Tuesday, October 28, 2008

Book Recommendation

Just finished The Year of Living Dangerously, and I highly recommend it.

It is a romance set in a time and place where romance was still possible, because the world was uncertain and shifting, and life's decisions could be swayed one way or another, creating possibilities for both tragedy and good fortune.

The descriptions of Sukarno's Indonesia of the mid-60's and the political turmoil surrounding it are haunting, and create the perfect backdrop for an interesting novel.

It was apparently made into a movie, and I'm setting off right now to NetFlix to put it in the queue.

Monday, October 27, 2008

The real cause of the financial mess

Caution: severely off-color blog post potty humor

Sometimes as I ponder this latest financial crisis, I wonder about its origins, and then I just look around a little bit, and it’s not so much of a mystery.

The thing which strikes me is the ridiculous excess which characterizes modern American life. It is ubiquitous, but we hardly ever notice it. It has softened us, and prepared us for the great calamity which is now upon us.

Take the bathroom here, for instance. I am staying right now at the Four Seasons in Palm Springs. It does happen to be a particularly over-the-top place, but this story could be told at any number of hotels which are affordable even to the masses.

The bathroom is a deliciously marbled thing, with expensive, shiny new fixtures everywhere. The commode is stationed luxuriously in its own little compartment, itself walled and ceilinged with marble. The door to this space thunks with an authoritarian permanence when closed. The space is hardly larger than the commode itself. My wife, I am sure, would love the floorplan of this particular bathroom, as it would provide a buffer from the more unsavory aspects of her spouse.

Anyway, on the wall, conveniently placed at eye level while sitting, is a phone. A phone.

Now, come on.

Admittedly, I do some of my best thinking while stationed thusly, but seriously. Have we now gotten to the point where everyone is so busy that they cannot even afford to finish their business before trotting off to a real phone to make an important call?

Who in God’s name has ever used one of these phones?

I can imagine the call to my broker going something like this:

Ring. Ring.

“Hello, ________ speaking…” (name changed to spare the innocent)… (that would be you, T)...
“Dude, what’s up?”
“Hey, man, to what do I owe this honor?”
“Well, I’ve been thinking.”
“Uh oh. Whatd’ya got”
“Well, I’ve been thinking…uuuuunhhhhhhhhhah!”
“You grunted!”
“I heard you grunt or something.”
“I don’t know what you’re talking about.”
“I distinctly heard a loud grunt. What the hell are you doing there?”
“Oh that. Oh, well, that was the cat.”
“The cat?”
“I thought you were at a hotel? Ritz, or something?”
“Oh yeah. Four Seasons.”
“Yeah, well, that was the neighbor’s cat.”
“The neighbor’s cat? What are you talking about?”
“Hey, nevermind, long story. You’re changing the subject. I’ve been thinking here.”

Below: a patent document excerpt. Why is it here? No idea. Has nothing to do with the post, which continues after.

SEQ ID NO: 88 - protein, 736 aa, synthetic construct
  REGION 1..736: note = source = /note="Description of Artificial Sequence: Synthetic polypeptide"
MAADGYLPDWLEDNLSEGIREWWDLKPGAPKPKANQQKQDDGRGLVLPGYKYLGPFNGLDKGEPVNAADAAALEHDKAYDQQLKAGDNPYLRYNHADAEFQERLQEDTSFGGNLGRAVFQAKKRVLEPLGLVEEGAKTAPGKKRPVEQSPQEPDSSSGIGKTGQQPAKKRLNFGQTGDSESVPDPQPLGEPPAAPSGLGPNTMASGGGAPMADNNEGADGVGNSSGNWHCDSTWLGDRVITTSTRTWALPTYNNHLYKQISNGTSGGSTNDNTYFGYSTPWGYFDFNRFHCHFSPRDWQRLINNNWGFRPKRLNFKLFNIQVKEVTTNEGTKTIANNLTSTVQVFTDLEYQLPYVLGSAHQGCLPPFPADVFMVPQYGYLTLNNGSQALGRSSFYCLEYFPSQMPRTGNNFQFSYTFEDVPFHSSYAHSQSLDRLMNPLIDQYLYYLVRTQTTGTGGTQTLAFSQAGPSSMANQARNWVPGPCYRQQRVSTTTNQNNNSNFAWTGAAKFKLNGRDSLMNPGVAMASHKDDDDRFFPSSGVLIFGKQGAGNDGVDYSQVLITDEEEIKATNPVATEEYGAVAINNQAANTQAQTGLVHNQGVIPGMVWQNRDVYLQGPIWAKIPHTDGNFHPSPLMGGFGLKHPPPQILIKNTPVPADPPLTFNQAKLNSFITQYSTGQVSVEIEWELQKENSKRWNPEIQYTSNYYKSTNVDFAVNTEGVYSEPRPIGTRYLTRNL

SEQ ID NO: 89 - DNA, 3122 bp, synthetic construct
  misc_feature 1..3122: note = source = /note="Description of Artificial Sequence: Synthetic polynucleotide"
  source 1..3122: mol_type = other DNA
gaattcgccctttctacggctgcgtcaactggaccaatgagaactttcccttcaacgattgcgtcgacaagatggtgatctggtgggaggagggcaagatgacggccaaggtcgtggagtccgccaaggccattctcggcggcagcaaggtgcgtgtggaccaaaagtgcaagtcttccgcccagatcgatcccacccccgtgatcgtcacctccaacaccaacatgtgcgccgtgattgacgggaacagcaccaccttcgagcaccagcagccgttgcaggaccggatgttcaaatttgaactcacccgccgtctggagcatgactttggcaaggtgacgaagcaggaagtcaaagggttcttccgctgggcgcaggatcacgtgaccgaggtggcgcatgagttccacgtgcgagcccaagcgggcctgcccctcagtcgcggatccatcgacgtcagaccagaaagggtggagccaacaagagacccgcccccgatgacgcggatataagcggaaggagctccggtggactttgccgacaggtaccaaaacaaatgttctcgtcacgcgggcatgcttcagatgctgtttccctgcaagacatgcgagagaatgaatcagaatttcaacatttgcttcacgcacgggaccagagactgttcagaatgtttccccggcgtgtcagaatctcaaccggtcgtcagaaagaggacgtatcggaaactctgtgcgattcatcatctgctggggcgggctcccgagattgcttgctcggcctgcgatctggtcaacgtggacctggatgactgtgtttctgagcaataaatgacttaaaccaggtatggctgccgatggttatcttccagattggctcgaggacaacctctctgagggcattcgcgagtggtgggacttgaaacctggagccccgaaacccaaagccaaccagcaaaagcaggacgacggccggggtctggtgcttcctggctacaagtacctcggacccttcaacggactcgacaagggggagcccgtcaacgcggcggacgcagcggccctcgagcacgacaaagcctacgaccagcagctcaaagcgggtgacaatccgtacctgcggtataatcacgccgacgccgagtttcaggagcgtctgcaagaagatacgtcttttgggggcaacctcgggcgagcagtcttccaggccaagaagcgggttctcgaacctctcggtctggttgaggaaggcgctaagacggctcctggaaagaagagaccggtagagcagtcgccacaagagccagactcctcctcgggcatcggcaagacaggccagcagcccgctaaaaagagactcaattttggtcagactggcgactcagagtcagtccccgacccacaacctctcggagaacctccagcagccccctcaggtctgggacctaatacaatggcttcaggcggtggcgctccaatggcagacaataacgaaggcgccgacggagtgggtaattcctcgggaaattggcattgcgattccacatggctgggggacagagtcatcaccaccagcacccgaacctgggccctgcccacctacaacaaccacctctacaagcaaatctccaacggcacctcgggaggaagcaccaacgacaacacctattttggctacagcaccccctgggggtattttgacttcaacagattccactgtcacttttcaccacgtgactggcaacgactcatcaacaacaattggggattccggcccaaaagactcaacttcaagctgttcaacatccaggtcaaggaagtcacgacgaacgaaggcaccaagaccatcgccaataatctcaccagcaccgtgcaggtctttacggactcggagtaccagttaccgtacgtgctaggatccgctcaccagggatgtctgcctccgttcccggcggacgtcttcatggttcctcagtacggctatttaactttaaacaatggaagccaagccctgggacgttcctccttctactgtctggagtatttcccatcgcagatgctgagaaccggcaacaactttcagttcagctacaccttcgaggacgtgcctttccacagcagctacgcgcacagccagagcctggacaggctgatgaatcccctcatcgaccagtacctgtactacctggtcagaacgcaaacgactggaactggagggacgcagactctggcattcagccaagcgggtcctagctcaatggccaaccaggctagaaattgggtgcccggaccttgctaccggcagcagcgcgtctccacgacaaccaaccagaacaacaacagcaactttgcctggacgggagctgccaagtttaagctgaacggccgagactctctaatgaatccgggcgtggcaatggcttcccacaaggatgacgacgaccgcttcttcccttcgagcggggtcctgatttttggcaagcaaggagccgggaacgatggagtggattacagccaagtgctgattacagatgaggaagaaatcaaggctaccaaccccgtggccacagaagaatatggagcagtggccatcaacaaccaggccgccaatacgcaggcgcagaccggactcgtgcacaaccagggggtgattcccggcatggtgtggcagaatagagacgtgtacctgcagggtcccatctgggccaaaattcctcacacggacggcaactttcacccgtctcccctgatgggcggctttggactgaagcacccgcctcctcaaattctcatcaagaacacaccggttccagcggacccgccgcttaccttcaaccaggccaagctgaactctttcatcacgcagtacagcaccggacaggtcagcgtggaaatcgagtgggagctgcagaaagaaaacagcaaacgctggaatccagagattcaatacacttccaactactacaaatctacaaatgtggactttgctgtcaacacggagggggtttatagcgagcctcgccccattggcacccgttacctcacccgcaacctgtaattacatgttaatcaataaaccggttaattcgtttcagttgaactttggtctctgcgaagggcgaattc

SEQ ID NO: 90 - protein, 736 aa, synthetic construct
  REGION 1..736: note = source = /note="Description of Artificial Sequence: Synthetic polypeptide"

“OK, about what?”
“Well, I’m thinking that this market is about to tank on us major-domo, and I should be selling everything and parking it in cash.. uuuuunhhhhhhhhhah!”
“There you go again!”
“What do you mean, I just figured this out myself!”
“No, the grunting!”
“You just grunted again!”
“What are you talking about? I am talking about selling everything!”
“Dude, are you crapping?”
“Well, man, I know you got some strange shit going on upstairs – I thought that analyst guy was working out? – but I don’t want you making shit up on my time!”
“I am not the one grunting!”
“You’re hearing shit.”
“MARTHA! Can you pick up that phone!”
“Hey, stay with me here.”
“OK, what about this cash? I told you man, your cash is safe. It’s in money markets…”
“No, you’re not getting it…”
“Hey, man, I gotta go.”
“I gotta go, man, got a big client on the other line…”

Tuesday, October 21, 2008

All Suits Today

I've had this theory, ever since about 2002, that there is an inverse correlation between the formality of business attire and the exuberance of financial markets.

Although I did not recognize it at the time, the first indications of such an inverse relationship showed up in the late 1990's, with the dotcom equity explosion. If you remember, Alan Greenspan characterized that time in our history as one of something like "irrational exuberance." As the 90's progressed, as the NASDAQ index climbed higher and higher, and as the Masters of the Universe became tech gurus instead of Wall Streed gurus, business attire in general began to mimic the dress of the twentysomething internet billionaires who seemed to be popping up regularly: wrinkled khakis, logoed polo shirts and Docksiders.

As these billionaires became more ubiquitous, and as Wall Street bankers took note of their dazzling newfound wealth, this attire even seemed to trickle right down onto Wall Street itself; New York adopted business casual, first on Fridays, but when the dotcom explosion seemed almost complete, it became the norm all week long, in summer, winter, whatever.